Michael Mitsugi Sakihara - "Okinawa was under US military occupation 1945-1972 during which welfare of people was neglected by both Japan and US. When Okinawa returned to Japan in 1972, Japanese government tried to make up for the past negligence. "Expo 75" was one of the ways the Japanese Government came up to spend money in Okinawa improved the life of the people there. Since it was the political motivation that pushed the event - since the Japanese government wanted it no matter what - the main objective was to appease the unhappy Okinawans by spending money, their planning was hasty and not well planned! Ocean life theme was excellent but no heart was in it. Therefore, after the event was over, it was left to rot and neglected. CF with other expo site in Osaka. Good theme that the Japanese Government and people could not utliize it to its full advantage."

" So many hotels and businesses which planned to take advantage of the event failed or bankrupted! It even brought misery! They expected much too much of its economic benefits. It was much too expensive for the visitors from the distances, as a result the number of visitors fell way short of expectations. All the great money poured into it was quickly routed back into the pockets of big business in Japan. Okinawa did get the improved highway system and a bunch of bankrupted hotels.

Commemorative coins, Expo '75


BIE Special Expo

USA Pavilion, Expo '75, Okinawa

International Participants
Nations and Colonies

Australia, Brazil, Bulgaria, Cameroon, Canada, Central America (Costa Rica, El Salvador, Guatemala, Honduras, Nicaragua), Colombia, Cuba, Egypt, German Democratic Republic, Holy See, Hungary, Indonesia, Iran, Italy, Kenya, Republic of Korea, Malta, Monaco, Morocco, Netherlands Antilles (Dominion), Philippines, Spain, Thailand, United Arab Emirates, United Kingdom, USA, USSR, Uruguay, Western Samoa.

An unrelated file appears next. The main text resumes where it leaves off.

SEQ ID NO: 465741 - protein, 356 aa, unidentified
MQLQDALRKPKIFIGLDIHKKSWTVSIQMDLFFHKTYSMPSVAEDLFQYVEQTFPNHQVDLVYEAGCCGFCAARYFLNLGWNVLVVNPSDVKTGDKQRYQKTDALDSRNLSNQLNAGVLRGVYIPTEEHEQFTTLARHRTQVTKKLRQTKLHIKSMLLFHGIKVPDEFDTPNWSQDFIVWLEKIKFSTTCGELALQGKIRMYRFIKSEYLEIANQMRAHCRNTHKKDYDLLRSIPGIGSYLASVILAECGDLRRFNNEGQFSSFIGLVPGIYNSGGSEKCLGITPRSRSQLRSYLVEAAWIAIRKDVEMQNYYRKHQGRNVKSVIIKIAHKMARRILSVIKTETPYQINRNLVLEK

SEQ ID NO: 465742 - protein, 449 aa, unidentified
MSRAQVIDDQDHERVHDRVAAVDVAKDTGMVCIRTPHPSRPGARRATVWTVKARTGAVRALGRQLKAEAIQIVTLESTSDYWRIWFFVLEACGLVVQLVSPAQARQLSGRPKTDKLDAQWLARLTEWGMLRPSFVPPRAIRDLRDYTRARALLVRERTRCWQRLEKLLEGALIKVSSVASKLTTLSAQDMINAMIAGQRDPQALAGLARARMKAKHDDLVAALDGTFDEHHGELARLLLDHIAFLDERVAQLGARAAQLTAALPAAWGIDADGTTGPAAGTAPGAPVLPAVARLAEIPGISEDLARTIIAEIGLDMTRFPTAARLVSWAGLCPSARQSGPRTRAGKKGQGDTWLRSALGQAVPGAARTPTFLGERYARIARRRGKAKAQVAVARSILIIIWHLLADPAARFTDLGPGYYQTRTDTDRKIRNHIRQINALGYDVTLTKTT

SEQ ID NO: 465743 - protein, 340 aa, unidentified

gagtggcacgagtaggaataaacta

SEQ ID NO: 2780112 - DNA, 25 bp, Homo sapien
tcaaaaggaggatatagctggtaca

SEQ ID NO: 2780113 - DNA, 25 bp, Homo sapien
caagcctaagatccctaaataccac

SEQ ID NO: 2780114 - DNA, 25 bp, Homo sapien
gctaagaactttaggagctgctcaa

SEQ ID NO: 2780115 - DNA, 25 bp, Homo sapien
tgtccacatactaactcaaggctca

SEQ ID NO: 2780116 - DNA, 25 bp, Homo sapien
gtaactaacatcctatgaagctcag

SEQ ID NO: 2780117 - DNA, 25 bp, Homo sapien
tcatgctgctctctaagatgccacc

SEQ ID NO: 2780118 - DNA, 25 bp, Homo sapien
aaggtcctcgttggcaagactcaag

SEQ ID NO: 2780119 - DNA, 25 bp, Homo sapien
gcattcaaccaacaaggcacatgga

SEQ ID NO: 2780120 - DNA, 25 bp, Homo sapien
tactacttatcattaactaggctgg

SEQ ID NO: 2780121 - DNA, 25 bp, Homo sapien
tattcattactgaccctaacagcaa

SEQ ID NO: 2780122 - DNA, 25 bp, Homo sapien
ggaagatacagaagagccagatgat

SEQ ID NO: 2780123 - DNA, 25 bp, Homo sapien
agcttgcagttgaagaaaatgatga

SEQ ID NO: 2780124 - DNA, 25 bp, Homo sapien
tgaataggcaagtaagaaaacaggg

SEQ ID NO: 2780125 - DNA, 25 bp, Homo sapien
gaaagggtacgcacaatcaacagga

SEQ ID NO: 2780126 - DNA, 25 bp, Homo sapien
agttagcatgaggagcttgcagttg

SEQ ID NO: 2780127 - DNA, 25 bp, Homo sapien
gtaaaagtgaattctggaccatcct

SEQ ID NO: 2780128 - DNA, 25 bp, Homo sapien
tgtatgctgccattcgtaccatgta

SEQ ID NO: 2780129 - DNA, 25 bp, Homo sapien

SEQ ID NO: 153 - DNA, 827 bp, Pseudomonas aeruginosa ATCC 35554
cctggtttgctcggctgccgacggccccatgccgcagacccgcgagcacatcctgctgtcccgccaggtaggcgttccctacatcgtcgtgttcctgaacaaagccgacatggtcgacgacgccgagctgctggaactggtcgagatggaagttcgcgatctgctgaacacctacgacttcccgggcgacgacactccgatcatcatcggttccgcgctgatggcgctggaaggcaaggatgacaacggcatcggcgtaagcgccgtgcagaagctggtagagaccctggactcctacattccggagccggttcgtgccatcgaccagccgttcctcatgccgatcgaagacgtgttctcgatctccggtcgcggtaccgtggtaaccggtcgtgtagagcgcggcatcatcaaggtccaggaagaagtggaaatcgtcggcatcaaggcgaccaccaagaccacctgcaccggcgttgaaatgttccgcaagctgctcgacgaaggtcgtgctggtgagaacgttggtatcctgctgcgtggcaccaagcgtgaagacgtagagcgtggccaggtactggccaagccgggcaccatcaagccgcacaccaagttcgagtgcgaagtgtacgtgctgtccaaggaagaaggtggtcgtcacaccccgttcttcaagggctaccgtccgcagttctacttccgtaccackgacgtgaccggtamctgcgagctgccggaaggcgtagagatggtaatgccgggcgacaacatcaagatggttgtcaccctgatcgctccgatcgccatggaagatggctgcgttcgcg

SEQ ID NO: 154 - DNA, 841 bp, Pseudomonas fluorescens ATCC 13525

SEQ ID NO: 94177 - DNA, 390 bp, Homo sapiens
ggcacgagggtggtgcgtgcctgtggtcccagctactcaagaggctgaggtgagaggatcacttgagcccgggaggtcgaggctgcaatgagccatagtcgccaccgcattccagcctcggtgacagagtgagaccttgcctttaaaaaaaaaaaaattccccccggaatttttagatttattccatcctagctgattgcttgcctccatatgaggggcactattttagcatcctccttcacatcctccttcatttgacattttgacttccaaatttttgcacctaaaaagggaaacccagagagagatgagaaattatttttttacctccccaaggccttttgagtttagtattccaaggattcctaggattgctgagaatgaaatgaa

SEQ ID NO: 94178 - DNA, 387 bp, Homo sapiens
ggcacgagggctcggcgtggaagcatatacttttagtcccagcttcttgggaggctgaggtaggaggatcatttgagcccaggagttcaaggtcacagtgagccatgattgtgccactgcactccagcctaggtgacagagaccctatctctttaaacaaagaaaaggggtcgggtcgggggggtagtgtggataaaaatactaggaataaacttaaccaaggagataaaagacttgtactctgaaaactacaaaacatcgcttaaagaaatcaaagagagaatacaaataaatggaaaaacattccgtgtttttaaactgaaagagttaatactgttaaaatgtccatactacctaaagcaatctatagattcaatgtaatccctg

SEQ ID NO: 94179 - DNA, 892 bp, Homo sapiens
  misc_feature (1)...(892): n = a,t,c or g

International Organizations - European Community, United Nations, Seapentre.

Other Pavilions: Aqua Farm, Aquapolis, Marine Life Park, Oceanic Cultures Pavilion, Shore Park, Expo Beach, Okinawa Prefecture Pavilion.

Corporate and Other Participants: Fuyo Group, Hitachi A/V Marine Library, Kaiyo Midori Kan, Mitsubishi, Mitsui Children's Science Pavilion, Sumitomo, World Oceans Group, Visual Exhibition by Matsushita.

Note: It is sometimes difficult to tell whether certain nations actually participated in a significant way. Newspaper reports as well as the official guidebook may indicate participation when actual participation did not occur, or occurred minimally. Take the above as a guide, not gospel.

Expo Tidbits
Australia pavilion was 1,335 square meters and had an attendance of 1,324,000.

United States pavilion budget was $10 million on the theme "Ocean Science and Technology." 1,750,000 attended the U.S. pavilion, which included a 25,000 gallon salt water tank with aquanaut demonstrations throughout the day.

There were two rapid transit people movers on site. The expo site was reached from Naha, capital city fifty-five miles away, by hovercraft, buses, and a new highway for private autos.

Expo Land was open from 10 a.m. to 10 p.m. The total number of visitors to attractions was 714,394. The most popular was the Jet Coaster with 215,565.

Legacies
After the fair the expo pavilions were demolished and site rebuilt into park setting known as Okinawa Commemorative National Government Park or Ocean Expo Park. It was to include the Aquapolis, Ryukyu Pavilion, and the Ocean Cultures Museum. At first, six thousand people per day visited the site after the expo closed. Four million visited the Aquapolis before it was closed in 1993; it was taken down in 2000. Today, the Okinawa Churaumi Aquarium and Tropical and Subtropical Arboretum are on the site, built at a later date.

Those in Charge

Honorary President the Crown Prince of Japan.

Aquapolis, Expo '75

Photo column top: USA Pavilion, Expo '75. Original source unknown. Courtesy Pinterest. Middle: Aquapolis, date unknown. Courtesy Pinterest.

Sources: Official Report of the International Ocean Exposition, Okinawa Japan, 1975, Japan Association for the International Ocean Exposition, Okinawa 1975; "Fairs! Fairs! Fairs! The U.S. Information Agency and U.S. Participation at World Fairs Since WWII" by Martin J. Manning; U.S.I.A. Final Report, Ocean Expo 75 (Okinawa, Japan); Historical Dictionary of World's Fairs by Alfred Heller.